Access is the Worlds most popular RAD Database

Bringing an easy to use Rapid Application Development (RAD) tool to the business users mass market was a central goal when Microsoft first Launched Access v1.0 as a stand-alone product. Databases developed using Microsoft Access (or “Ms Access” as people often call it) are now Access is used by millions – Always in the top 10 most popular database engines, for everything from very simple data capture tools right through to large business running their entire business using Access.

How did Access get so popular?

Largely, we believe, Access databases are so popular because a skilled Ms Access developer can create a wide range of software functionality in a far shorter timeframe than any other development platform. Even a novice Access developer can create simple databases quickly. The timesaving (a shorter Software Delivery Cycle) results in business requirements being met far sooner, for less expenditure, by more people. Looking at it this simply, it’s easy to see why Ms Access is so popular.

But it’s not a “Real” database, is it?

Historically, Information Technology departments (IT Departments) are rarely big fans of Ms Access, and these IT Departments have made a point of pushing this misperception.

Here’s our theory on this one (Based on having seen many, many real-life occurrences) – Your average office worker (Let’s call him Bob) has a business need that can be met with a simple database. He calls the IT Department (who are backlogged with other work), and they give him a timeframe (or internal billing price) that just doesn’t match Bob’s timeframe or budget. So Bob, amazed at why something seemingly so simple became such a mammoth task for IT, decides to give it a go using MS Access himself.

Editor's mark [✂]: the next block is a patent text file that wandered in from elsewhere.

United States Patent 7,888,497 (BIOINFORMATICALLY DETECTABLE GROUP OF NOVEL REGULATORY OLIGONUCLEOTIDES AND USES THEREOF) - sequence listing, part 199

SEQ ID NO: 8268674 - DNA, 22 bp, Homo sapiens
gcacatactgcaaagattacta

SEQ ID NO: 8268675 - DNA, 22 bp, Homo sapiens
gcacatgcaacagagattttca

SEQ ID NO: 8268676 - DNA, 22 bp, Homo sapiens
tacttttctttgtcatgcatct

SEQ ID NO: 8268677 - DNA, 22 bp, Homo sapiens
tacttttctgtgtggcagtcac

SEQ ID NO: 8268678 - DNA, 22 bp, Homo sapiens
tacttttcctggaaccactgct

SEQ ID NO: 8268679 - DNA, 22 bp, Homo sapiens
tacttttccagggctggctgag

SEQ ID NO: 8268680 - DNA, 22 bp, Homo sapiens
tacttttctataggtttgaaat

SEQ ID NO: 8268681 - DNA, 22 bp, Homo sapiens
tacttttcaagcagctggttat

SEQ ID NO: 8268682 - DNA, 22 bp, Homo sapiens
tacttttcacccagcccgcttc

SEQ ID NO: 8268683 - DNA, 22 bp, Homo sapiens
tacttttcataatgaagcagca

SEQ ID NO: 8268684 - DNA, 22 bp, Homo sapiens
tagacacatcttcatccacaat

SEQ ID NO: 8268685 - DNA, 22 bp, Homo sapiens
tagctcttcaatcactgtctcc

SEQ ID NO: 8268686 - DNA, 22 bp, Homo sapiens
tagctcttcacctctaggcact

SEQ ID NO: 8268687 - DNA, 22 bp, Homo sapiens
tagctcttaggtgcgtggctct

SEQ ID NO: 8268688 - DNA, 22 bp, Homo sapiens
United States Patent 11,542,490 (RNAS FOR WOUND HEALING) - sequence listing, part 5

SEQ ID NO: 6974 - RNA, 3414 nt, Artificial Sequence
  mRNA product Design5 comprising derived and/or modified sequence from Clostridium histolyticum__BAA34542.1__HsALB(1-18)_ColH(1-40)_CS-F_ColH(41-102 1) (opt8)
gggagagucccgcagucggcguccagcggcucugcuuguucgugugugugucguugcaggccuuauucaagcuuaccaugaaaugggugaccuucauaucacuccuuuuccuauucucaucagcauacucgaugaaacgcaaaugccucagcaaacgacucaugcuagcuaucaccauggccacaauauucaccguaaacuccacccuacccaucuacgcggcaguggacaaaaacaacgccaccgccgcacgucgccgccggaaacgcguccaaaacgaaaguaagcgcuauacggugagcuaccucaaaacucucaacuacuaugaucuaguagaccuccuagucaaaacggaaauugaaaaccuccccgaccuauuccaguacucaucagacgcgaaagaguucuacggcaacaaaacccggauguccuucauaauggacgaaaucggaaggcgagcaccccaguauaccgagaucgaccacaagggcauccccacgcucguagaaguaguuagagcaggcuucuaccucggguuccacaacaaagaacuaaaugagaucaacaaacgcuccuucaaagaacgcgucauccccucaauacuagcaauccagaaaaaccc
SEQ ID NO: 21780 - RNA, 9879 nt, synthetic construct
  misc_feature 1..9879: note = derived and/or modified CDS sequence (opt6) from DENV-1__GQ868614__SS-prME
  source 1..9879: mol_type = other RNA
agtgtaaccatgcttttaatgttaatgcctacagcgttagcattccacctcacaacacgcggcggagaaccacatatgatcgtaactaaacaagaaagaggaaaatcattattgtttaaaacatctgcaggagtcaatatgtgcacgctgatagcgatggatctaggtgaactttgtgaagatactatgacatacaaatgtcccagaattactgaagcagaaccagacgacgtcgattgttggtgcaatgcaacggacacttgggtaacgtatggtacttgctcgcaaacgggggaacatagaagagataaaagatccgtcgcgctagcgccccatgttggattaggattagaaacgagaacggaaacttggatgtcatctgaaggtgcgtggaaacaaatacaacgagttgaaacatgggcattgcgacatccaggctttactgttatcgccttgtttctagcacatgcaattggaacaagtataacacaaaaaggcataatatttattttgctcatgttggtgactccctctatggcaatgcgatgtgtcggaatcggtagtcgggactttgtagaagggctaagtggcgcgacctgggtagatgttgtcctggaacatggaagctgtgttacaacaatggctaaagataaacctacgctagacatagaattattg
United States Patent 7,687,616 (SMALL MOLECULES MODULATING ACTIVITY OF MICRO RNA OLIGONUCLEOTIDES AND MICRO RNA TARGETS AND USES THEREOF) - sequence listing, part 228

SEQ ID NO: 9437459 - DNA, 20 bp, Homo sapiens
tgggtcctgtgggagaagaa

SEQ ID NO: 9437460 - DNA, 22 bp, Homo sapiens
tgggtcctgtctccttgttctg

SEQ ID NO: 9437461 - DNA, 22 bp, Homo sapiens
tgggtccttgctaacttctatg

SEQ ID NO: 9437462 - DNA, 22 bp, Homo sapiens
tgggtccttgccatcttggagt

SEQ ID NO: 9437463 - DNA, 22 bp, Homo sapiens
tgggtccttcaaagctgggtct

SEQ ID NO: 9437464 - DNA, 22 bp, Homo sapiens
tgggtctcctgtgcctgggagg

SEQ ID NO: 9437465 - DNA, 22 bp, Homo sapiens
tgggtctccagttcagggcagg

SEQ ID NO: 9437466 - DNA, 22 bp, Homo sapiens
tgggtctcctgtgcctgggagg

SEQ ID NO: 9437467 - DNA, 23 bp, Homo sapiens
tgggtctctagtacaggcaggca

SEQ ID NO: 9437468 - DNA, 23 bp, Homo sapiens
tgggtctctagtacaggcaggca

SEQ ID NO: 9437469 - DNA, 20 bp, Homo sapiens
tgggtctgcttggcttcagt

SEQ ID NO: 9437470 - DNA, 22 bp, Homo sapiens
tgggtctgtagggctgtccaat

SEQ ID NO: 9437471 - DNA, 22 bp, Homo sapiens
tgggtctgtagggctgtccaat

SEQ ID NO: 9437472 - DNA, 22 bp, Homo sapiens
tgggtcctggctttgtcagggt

Pretty soon, without knowing much about databases or software development, Bob has now built an Access database that does 70% to 80% of the functionally needed for his simple business requirement. The immediate problem is now his lack of development knowledge is slowing him down in completing everything he wanted. Bob thinks “Surely if I got 80% of the way without knowing anything, it will be easy and fast for IT to do the little bit left?!?!?!”.

Bob calls IT to help him complete the remaining 20%, and this is where the friction starts. IT doesn’t want to maintain a database it didn’t create. Additionally, it’s a bit confronting to have Bob telling them that he did 80% of the job they said would take 3 months, in around 2 weeks. In Bob’s mind, he’s solved the problem and now all they have to do is finish it, which he estimates should take “Someone who knows’s what they are doing” only a day or two.

The IT department reacts by explaining to Bob that their solution would have been proper, and his one is not – It’s not a “Real” database.

Bob hits the books, or gets external help, finishes the last 20% of his database and starts telling colleagues about how he did something the IT Department could not.

IT continues to bad mouth Access.

It might seem like the story above is a bit fantastic, but we’ve seen it many, many times….